Corporate Banner
Satellite Banner
Metabolomics & Lipidomics
Scientific Community
 
Become a Member | Sign in
Home>News>This Article
  News
Return

Stemina Awarded $10 Million EPA Contract

Published: Monday, January 13, 2014
Last Updated: Monday, January 13, 2014
Bookmark and Share
Company announces awarded a contract by the United States Environmental Protection Agency under the EPA’s ToxCast initiative.

The contract will generate up to $10,637,000 in revenue for Stemina over the next 5 years. Under the contract, Stemina will screen drugs and chemicals, using its devTOX toxicology tests, for their potential to cause birth defects if a woman is exposed during pregnancy. “The EPA’s ToxCast initiative is the preeminent collection of toxicology information on a broad range of chemicals,” said Elizabeth Donley, CEO of Stemina. “As the only provider of an all human system designed to assess the potential for drugs and chemicals to cause birth defects, we are proud to have our devTOX tests included in this program. Our tests will provide valuable information about the impact that various classes of compounds can have on the developing human embryo.” 

Stemina’s cell based tests arise from the strategic convergence of two cutting edge technologies: stem cells and metabolomics. Stemina has published on its devTOX assays in peer reviewed scientific journals since 2009 and is a recognized leader in human stem cell based toxicology. 

ToxCast is a multi-year effort launched in 2007 at the EPA that uses automated chemical screening technologies (called "high-throughput screening assays") to expose living cells or isolated proteins to chemicals. The cells or proteins are then screened for changes in biological activity that may suggest potential toxic effects and eventually potential adverse health effects. These innovative methods have the potential to limit the number of required laboratory animal-based toxicity tests while quickly and efficiently screening large numbers of chemicals. 

ToxCast has evaluated over 2,000 chemicals from a broad range of sources including: industrial and consumer products, food additives, and potentially "green" chemicals that could be safer alternatives to existing chemicals.


Further Information

Join For Free

Access to this exclusive content is for Technology Networks Premium members only.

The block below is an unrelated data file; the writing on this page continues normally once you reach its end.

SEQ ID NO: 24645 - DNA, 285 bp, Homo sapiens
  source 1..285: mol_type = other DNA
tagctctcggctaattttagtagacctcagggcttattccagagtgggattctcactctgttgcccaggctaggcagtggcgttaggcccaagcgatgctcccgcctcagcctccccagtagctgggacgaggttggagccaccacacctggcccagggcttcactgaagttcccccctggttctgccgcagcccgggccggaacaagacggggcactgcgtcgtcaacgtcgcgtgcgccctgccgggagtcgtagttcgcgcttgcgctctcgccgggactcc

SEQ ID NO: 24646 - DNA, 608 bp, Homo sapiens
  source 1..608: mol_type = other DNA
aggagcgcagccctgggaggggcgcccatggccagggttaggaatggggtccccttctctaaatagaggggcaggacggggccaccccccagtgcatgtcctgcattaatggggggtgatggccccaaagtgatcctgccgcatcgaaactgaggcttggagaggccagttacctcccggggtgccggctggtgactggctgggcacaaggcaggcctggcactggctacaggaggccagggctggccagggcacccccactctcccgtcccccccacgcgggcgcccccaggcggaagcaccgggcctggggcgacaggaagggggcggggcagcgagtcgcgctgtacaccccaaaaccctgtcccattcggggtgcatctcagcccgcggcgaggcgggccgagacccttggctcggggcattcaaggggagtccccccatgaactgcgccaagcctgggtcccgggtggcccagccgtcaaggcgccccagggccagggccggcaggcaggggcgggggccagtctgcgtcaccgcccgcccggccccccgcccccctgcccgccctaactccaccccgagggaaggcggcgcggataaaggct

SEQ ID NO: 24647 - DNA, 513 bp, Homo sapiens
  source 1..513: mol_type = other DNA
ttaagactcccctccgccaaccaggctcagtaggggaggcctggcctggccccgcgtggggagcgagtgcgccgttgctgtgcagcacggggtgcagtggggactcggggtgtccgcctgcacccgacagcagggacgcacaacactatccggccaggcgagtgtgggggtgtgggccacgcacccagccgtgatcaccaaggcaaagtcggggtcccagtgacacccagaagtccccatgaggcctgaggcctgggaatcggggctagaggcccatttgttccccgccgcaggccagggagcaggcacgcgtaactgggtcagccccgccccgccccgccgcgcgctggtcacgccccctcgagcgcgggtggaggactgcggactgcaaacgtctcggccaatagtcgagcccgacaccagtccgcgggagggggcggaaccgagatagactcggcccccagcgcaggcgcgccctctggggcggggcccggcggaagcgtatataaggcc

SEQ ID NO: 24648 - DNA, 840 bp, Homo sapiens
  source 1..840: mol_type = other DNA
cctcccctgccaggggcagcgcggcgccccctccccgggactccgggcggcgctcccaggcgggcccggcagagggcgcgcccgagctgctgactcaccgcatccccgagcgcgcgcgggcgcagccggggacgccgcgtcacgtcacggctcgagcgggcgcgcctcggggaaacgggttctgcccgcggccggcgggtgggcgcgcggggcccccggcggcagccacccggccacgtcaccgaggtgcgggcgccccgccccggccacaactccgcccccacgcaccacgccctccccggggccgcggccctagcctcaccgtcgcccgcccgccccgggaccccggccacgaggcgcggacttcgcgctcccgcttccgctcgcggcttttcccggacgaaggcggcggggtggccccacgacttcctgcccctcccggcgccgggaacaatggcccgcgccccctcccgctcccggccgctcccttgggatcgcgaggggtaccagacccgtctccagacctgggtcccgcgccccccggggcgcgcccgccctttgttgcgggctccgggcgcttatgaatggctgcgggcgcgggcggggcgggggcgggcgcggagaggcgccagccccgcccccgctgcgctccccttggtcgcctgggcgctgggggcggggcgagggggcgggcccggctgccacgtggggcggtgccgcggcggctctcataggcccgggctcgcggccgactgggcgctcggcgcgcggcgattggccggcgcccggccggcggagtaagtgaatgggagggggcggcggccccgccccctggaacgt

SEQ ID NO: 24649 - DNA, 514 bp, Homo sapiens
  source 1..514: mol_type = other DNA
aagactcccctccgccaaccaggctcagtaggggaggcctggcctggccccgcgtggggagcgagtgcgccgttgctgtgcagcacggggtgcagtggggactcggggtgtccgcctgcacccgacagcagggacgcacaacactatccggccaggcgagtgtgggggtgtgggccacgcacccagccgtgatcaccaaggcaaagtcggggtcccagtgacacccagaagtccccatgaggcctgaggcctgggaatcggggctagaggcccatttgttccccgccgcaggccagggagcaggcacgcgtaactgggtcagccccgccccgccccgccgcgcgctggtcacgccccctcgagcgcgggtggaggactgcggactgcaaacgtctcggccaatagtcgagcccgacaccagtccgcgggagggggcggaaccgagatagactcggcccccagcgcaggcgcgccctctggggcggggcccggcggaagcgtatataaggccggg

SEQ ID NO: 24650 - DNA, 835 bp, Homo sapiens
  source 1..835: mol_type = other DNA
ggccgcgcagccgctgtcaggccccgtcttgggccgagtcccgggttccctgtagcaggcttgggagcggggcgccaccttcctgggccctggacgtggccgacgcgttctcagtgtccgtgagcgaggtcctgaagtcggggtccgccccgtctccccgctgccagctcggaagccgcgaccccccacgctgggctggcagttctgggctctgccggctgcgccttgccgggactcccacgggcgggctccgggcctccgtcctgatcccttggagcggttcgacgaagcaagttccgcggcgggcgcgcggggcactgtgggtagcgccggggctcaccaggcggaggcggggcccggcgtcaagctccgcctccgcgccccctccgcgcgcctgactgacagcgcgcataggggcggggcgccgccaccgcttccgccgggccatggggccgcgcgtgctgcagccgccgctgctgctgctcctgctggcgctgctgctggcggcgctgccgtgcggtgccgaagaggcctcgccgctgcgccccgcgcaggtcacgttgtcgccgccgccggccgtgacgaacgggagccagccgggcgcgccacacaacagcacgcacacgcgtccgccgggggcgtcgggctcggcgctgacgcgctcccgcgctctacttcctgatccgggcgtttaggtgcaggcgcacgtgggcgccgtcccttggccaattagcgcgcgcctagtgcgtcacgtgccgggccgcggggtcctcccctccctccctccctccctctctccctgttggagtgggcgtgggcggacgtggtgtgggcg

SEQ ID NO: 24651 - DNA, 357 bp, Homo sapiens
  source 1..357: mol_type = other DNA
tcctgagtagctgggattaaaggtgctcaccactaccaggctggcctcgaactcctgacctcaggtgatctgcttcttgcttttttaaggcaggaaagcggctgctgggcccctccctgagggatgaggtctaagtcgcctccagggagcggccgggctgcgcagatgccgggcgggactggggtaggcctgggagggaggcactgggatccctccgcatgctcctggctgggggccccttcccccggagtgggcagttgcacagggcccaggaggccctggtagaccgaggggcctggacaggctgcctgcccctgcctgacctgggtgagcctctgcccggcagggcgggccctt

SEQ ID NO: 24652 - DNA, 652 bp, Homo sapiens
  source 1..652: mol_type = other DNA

Join Technology Networks Premium for free access to:

  • Exclusive articles
  • Presentations from international conferences
  • Over 3,000+ scientific posters on ePosters
  • More than 4,500+ scientific videos on LabTube
  • 35 community eNewsletters


Sign In



Forgotten your details? Click Here
If you are not a member you can join here

*Please note: By logging into TechnologyNetworks.com you agree to accept the use of cookies. To find out more about the cookies we use and how to delete them, see our privacy policy.


Scientific News
How Different People Respond To Aspirin
Study findings could be used to help identify those who would benefit most from aspirin use.
Altered Metabolism of Four Compounds Drives Glioblastoma Growth
Findings suggest new ways to treat the malignancy, slow its progression and reveal its extent more precisely.
A Metabolic Twist that Drives Cancer Survival
A novel metabolic pathway that helps cancer cells thrive in conditions that are lethal to normal cells has been identified.
Liver-On-Chip Tracks Dynamics of Cellular Function
Hebrew University’s liver-on-chip platform is uniquely able to monitor metabolic changes indicating mitochondrial damage occurring at drug concentrations previously regarded as safe.
Living Off the Fat of the Land
Do cancer cells synthesize the parts for new cells or scavenge them from the environment?
Liver Disease, Obesity Linked
Kanazawa University researchers find similarities in the impeded signalling between central insulin activity and glucose production in the liver for both obese mice and mice that have had the vagus nerve removed.
Decoding Ties Between Vascular Disease, Alzheimer’s
NIH consortium uses big data, team science to uncover complex interplay of factors.
Gene Identified that May Worsen Cancer Outcome
Some patients with breast cancer, lung cancer and leukaemia seem to fare poorly after treatment because of the effects of a particular gene, a new study finds.
‘Big Data’ Drills Down Into Metabolic Details
Rice University bioengineers introduce efficient way to analyze, compare tissue-specific pathways.
New Approach to Curbing Cancer Cell Growth
Using a new approach, scientists at The Scripps Research Institute (TSRI) and collaborating institutions have discovered a novel drug candidate that could be used to treat certain types of breast cancer, lung cancer and melanoma.
SELECTBIO

Skyscraper Banner
Go to LabTube
Go to eposters
 
Access to the latest scientific news
Exclusive articles
Upload and share your posters on ePosters
Latest presentations and webinars
View a library of 1,800+ scientific and medical posters
3,000+ scientific and medical posters
A library of 2,500+ scientific videos on LabTube
4,500+ scientific videos
Close
Premium CrownJOIN TECHNOLOGY NETWORKS PREMIUM FOR FREE!